For example, in childhood, brain regions involved in language learning develop quickly, which is why many children can learn and master multiple languages. Yet the prefrontal cortex, a brain region responsible for cognitive control and inhibition, is slower to develop. As a result, some young children may struggle with strategic games, such as chess or checkers, which require constant concentration, planning, and abstract thought. At the same time, children tend to be more flexible, exploration-based learners. They often use more creative approaches when finding solutions to riddles and are, on average, less afraid to make mistakes.

Adulthood: Focus, Memory, and Quick Problem-Solving

Adults, on the other hand, benefit from a well-developed prefrontal cortex, allowing them to better execute skills that require learning, focus, and memory, making them quick and efficient puzzle solvers or crossword masters. However, late in adulthood, these same skills may decline as the brain’s memory center, known as the hippocampus, shrinks. But there’s a reason for the phrase “older and wiser.” After a lifetime of learning, older adults have more knowledge to recall and utilize, making them excellent trivia partners.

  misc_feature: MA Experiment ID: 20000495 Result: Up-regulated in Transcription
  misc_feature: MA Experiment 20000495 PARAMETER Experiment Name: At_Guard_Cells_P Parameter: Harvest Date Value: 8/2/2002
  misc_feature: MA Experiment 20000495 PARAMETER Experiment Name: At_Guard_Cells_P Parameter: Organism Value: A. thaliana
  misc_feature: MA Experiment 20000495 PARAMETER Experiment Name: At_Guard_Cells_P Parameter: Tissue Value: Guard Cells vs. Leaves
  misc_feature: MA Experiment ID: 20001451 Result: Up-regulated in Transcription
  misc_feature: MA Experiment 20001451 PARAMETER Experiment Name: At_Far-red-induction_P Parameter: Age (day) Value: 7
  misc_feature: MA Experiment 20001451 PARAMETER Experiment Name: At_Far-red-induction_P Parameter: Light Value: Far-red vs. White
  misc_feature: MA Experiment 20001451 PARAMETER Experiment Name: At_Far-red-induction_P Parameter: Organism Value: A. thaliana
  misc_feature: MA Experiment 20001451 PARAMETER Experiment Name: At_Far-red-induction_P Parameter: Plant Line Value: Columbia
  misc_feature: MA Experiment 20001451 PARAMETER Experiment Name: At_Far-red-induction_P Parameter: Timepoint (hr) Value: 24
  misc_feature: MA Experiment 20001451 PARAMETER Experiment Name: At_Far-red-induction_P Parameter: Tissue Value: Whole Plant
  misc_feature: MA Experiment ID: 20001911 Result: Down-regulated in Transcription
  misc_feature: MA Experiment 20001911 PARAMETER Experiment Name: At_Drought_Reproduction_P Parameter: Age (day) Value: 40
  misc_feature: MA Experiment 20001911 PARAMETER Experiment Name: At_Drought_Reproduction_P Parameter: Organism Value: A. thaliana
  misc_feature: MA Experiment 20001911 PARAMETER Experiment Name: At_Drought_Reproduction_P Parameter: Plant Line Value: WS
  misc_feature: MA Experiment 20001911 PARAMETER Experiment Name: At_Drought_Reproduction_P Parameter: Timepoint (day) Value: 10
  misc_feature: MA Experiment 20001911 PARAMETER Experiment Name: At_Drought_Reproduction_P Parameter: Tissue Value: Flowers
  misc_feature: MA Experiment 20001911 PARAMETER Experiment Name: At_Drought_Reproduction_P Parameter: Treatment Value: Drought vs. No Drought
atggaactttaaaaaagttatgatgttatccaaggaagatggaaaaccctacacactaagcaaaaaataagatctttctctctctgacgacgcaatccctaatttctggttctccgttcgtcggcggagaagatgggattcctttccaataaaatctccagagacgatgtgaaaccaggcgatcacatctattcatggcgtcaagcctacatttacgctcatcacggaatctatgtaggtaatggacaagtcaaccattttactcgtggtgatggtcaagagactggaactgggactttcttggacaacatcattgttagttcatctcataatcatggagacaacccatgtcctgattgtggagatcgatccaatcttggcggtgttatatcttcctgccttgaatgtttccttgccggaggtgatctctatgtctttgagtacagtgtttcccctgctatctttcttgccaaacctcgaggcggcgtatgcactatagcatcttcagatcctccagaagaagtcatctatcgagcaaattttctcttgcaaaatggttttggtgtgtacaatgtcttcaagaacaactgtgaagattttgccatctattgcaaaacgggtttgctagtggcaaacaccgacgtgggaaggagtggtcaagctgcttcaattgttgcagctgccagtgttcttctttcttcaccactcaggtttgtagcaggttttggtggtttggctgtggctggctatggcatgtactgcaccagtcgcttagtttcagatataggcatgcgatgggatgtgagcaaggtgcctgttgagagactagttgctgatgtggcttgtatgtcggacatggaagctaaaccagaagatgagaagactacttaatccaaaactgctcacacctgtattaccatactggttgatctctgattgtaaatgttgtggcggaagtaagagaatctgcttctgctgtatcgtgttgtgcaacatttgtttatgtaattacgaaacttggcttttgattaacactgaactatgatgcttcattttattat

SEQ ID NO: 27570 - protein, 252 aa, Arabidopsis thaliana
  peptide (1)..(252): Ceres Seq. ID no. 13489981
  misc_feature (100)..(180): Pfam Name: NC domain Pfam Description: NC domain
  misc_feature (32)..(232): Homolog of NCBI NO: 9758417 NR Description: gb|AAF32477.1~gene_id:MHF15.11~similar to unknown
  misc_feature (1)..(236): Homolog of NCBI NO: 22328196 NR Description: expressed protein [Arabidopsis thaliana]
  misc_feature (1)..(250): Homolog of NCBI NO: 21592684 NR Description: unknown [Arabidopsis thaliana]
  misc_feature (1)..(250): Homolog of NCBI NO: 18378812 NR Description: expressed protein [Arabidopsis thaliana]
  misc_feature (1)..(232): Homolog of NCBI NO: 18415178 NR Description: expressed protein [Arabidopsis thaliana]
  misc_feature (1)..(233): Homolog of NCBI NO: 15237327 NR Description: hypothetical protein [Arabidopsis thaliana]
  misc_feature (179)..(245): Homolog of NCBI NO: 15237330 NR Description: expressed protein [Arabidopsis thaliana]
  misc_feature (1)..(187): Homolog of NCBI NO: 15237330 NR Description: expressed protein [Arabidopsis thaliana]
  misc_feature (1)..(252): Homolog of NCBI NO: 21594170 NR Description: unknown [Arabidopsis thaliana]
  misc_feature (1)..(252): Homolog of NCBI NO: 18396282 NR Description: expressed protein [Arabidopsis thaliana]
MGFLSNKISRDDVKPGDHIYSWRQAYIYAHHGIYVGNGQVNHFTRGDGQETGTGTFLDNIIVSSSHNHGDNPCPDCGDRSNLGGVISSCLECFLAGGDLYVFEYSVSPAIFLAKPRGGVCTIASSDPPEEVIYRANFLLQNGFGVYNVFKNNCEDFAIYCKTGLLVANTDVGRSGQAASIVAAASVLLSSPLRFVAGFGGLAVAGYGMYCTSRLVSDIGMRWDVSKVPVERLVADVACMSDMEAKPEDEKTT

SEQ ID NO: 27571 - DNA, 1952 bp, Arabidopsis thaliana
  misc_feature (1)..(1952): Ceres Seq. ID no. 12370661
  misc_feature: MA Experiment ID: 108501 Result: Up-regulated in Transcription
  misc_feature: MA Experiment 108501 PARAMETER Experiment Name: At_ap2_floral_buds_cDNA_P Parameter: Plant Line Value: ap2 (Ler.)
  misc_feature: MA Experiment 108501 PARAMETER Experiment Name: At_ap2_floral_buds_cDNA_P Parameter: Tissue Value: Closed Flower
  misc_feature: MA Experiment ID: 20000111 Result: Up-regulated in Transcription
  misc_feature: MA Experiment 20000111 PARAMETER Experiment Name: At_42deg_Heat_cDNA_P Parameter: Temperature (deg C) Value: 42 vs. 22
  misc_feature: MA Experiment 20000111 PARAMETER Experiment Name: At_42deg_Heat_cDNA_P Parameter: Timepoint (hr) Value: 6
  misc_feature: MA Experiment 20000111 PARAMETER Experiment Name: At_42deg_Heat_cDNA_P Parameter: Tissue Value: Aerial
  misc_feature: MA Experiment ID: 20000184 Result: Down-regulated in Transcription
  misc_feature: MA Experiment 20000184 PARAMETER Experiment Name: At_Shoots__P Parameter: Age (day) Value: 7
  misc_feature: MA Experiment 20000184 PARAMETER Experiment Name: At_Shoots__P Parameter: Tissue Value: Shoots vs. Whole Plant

Adolescence: Logic, Motivation, and Adventurous Learning

Other factors to consider are the strengths of an adolescent like me. The prefrontal cortical regions of the brain are more developed in adolescence than in childhood. This allows for better navigation of logic and math puzzles. Simultaneously, deep inside the brain, regions that are important in motivation and reward are developing even faster, driving teenagers to be curious and adventurous learners. In many ways, teenagers can be considered jacks-of-all-trades, with brains wired to seek out new experiences and learn quickly. This dynamic stage allows the choices made and the skills focused on to guide the development of the brain.

Conclusion: The Smartest Age

So, what’s the smartest age? There’s no single answer. It’s 8, 16, 25, 65, and everything in between; our brains have adapted to prioritize different skills at various ages to meet that stage of life’s challenges and demands. So no matter who I pick, having an age-diverse team is a good strategy for the Brain Clash.

Discussion Questions

  1. How do you define and measure intelligence? Do you think traditional IQ tests accurately capture a person’s intelligence?
  2. Based on the article, what are some skills and abilities that are typically associated with different age groups? How do these skills affect a person’s problem-solving and learning capabilities?